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13th January 2010 Copenhagen

- Climate Imprisonments damage Denmark's reputation

- Thoughts of end of year from Denmark

- Peaceful Greenpeace climate protesters released after 20 days of imprisonment without trial

- Deterring the demonstrators

- Stop-and-search powers ruled illegal by European court

- Belgium to step up security at EU summits

Climate Imprisonments damage Denmark's reputation

Many demonstrations and protests against Denmark, "says Foreign Ministry

Manifestations, demonstrations and protests have hit Danish consulates and embassies around Europe after the climate summit in December in Copenhagen, said the Foreign Ministry.

It is a direct result of police arrests of climate activists in connection with demonstrations during the summit and at least until the release of the four so-called gala activists from Greenpeace last week.

“There have been manifestations especially in front of the Danish embassies in Spain, Netherlands, Norway and Switzerland,” said Klavs A. Holm, who is ambassador for public diplomacy at the Foreign Ministry.


Thoughts of end of year from Denmark

Letter from COP.enhagen of Luca Tornatore and of the other climate activists still detained in the danish jails since the U.N. Climate Conference.

Something is rotten (but not just) in Denmark. As a matter of fact, thousands of people have been considered, without any evidence, a threat to the society. Hundreds have been arrested and some are still under detention, waiting for judgement or under investigation. Among them, us, the undersigned.

We want to tell the story from the peculiar viewpoint of those that still see the sky from behind the bars.


Peaceful Greenpeace climate protesters released after 20 days of imprisonment without trial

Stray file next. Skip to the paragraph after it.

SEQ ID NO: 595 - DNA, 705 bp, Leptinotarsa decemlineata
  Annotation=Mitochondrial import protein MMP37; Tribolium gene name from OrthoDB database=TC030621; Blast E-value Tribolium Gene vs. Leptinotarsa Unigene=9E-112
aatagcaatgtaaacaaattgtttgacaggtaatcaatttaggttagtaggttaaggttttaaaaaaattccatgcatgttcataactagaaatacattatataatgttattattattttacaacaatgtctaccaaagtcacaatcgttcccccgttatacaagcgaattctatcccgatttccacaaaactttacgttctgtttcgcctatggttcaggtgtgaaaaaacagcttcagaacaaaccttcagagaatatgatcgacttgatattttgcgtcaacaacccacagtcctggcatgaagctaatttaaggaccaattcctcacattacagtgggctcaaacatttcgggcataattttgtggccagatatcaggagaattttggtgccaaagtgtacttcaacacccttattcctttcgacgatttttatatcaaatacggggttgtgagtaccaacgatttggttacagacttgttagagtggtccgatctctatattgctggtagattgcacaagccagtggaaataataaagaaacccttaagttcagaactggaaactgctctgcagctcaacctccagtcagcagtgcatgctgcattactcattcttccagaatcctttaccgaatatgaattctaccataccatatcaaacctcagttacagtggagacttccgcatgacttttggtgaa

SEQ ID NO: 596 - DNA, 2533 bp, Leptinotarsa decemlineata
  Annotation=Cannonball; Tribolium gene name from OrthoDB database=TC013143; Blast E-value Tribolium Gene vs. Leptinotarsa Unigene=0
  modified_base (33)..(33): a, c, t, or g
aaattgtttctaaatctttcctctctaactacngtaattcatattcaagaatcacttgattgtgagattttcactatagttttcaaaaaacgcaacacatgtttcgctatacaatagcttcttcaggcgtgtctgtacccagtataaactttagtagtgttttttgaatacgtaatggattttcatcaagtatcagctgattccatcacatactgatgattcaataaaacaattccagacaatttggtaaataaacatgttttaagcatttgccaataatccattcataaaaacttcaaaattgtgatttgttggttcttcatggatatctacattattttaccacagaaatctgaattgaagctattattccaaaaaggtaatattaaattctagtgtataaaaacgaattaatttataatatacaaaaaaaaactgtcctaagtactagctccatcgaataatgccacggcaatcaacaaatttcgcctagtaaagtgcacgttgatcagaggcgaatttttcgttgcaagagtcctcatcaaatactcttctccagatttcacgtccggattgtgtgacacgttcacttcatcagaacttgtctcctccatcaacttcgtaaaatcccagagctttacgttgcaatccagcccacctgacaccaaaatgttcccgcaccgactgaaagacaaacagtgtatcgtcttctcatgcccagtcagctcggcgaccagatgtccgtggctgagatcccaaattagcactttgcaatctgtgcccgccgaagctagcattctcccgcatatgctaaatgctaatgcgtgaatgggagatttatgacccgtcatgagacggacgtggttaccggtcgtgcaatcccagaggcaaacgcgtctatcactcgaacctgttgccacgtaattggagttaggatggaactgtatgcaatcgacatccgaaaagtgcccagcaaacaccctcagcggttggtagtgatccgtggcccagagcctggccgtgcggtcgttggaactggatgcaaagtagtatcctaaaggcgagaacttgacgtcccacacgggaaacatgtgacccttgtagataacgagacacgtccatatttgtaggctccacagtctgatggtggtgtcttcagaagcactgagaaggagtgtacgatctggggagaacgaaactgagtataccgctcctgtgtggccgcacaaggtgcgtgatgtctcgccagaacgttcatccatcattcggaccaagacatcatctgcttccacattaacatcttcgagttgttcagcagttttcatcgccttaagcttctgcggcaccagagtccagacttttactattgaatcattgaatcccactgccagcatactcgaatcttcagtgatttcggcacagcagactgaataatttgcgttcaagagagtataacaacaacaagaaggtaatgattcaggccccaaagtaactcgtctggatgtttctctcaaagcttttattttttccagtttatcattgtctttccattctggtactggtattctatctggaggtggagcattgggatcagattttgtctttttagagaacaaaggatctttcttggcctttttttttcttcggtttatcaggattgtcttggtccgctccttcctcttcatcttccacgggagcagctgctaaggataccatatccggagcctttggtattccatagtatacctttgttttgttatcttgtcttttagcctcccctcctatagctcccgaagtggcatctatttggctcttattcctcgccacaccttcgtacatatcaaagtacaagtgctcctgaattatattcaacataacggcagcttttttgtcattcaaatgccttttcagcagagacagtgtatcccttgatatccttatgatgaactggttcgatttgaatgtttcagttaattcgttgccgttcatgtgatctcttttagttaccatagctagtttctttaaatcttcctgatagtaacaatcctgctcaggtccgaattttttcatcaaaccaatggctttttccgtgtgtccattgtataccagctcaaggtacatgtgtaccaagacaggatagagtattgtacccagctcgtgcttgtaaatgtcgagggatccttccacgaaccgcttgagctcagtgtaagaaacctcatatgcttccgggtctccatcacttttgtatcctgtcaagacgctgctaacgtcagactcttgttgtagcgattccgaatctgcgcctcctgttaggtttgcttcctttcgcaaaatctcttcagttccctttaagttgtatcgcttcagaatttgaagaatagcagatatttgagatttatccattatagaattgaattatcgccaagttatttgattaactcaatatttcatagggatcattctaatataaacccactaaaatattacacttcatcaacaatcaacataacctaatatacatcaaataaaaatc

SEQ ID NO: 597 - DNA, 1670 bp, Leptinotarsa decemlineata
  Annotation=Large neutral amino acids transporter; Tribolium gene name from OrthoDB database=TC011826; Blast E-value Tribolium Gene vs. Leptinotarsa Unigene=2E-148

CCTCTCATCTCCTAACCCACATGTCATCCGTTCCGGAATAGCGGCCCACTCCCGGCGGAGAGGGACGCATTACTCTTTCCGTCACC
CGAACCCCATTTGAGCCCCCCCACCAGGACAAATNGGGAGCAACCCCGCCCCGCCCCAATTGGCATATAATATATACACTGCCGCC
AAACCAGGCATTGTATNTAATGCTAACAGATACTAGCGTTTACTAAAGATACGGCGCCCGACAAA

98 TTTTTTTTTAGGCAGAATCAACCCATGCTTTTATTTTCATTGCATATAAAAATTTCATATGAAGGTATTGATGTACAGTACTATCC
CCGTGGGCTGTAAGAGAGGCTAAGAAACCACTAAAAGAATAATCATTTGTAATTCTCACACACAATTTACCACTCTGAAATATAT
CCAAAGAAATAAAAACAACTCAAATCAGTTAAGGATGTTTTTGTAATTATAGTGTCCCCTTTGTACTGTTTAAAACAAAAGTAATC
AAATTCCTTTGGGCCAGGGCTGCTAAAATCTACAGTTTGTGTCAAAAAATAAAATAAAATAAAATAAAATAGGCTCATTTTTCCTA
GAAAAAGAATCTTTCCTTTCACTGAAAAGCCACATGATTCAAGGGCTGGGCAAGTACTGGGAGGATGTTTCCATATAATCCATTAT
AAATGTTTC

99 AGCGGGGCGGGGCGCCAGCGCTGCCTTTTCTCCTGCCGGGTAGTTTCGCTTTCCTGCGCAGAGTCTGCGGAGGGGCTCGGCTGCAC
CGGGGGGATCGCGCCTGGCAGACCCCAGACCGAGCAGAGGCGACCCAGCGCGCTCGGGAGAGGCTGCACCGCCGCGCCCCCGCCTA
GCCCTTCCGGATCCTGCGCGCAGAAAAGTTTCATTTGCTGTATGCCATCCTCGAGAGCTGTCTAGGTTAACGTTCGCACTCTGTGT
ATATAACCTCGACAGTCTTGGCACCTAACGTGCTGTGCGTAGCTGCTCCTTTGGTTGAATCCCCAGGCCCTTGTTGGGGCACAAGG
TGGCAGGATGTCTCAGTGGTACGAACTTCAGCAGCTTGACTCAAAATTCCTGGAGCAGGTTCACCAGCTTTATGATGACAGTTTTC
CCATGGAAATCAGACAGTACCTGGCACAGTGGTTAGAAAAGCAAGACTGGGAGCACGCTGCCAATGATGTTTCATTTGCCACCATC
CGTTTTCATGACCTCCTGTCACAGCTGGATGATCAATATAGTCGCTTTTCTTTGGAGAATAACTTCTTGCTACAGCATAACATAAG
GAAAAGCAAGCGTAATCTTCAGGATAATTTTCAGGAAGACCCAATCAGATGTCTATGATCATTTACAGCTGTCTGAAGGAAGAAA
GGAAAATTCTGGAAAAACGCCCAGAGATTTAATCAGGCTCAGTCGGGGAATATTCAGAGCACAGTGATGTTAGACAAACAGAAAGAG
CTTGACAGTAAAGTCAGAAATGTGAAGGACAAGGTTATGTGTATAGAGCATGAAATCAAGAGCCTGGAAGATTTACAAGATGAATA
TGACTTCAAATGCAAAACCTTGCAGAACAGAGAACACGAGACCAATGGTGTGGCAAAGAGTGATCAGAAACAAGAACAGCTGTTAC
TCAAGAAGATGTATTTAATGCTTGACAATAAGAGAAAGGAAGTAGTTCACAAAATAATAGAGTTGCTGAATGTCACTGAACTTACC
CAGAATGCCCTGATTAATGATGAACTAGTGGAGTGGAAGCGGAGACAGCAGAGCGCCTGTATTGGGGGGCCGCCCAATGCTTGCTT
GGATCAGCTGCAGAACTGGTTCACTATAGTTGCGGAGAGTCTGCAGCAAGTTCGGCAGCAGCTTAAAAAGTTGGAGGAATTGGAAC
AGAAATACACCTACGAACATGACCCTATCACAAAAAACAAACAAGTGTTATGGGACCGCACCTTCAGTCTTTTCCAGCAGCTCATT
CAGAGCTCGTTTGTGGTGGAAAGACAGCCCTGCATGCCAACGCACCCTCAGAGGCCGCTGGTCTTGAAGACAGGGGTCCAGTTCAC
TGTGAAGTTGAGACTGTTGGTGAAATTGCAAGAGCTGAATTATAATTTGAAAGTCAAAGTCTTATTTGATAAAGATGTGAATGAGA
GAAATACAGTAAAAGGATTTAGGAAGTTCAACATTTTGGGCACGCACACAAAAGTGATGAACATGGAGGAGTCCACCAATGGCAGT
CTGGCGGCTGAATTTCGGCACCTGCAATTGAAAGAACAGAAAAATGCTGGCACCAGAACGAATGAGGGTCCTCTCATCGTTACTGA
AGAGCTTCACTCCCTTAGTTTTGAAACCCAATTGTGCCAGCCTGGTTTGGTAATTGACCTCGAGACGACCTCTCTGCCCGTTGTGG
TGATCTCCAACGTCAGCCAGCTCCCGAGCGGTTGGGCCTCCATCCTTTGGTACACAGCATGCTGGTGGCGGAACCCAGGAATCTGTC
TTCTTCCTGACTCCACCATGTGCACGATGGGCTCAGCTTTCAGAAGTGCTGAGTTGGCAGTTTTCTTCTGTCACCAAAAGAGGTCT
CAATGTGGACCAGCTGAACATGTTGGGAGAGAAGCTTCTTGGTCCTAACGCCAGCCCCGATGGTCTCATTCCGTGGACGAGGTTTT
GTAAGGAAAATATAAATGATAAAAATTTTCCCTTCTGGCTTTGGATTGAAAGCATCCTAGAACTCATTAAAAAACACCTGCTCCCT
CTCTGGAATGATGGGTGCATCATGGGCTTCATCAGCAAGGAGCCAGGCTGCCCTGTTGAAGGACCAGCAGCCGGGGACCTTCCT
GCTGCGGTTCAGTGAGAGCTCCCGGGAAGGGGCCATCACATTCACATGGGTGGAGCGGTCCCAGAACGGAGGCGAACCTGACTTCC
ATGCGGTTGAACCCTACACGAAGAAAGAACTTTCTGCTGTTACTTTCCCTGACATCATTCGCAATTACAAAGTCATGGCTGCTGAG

On December 17th 2009, a group of Greenpeace activists grabs headline news around the globe by taking action during the Copenhagen climate summit.

Copenhagen , International — Danish police today released from custody four Greenpeace climate protesters who have endured 20 days of pre-trial detention in Copenhagen prison following a harmless peaceful protest staged on the evening of 17 December. Their release comes a day in advance of their detention being reviewed by a Danish judge. The four activists still face trial in the Danish courts, and possible prison sentences.


Deterring the demonstrators

Police tactics seen at the recent Copenhagen summit are undermining the right to protest peacefully

Jonas Christoffersen

In the aftermath of the climate change conference in Copenhagen, a lot of questions are being asked about the way police dealt with environmental activists and demonstrators.

Connected to this is the case of the Greenpeace activists who gatecrashed the state banquet hosted by Queen Margrethe II during the conference. They have just been released after spending nearly three weeks in police detention.

Their detention was apparently prolonged because they used false number plates to get past the security checks but one has to ask: was it really necessary to detain these activists for so long for such a minor offence? Greenpeace is after all a peaceful NGO which has a reputation for carrying out publicity stunts of this nature. In a similar case in Belgium, the Greenpeace activists were held for a mere 24 hours.


Stop-and-search powers ruled illegal by European court

Police powers to use terror laws to stop and search people without grounds for suspicion are illegal, the European Court of Human Rights has ruled.

The Strasbourg court has been hearing a case involving two people stopped near an arms fair in London in 2003.It said that Kevin Gillan and Pennie Quinton's right to respect for a private and family life had been violated.It awarded them 33,850 euros (£30,400) to cover legal costs.

'Sloppy law'

Section 44 of the Terrorism Act 2000 allows the home secretary to authorise police to make random searches in certain circumstances.But the European Court of Human Rights said the pair's rights under Article 8 of the European Convention on Human Rights had been violated.


Belgium to step up security at EU summits


EUOBSERVER / BRUSSELS – Belgian authorities on Wednesday (7 January) said they will step up security at EU summits after being embarrassed by Greenpeace activists who breached the system in December to stage a surprise protest.

“From now on, there will be two ways in: One for heads of government and another for the rest of their delegations,” said Belgian interior ministry spokeswoman Margaux Donckier, according to AFP.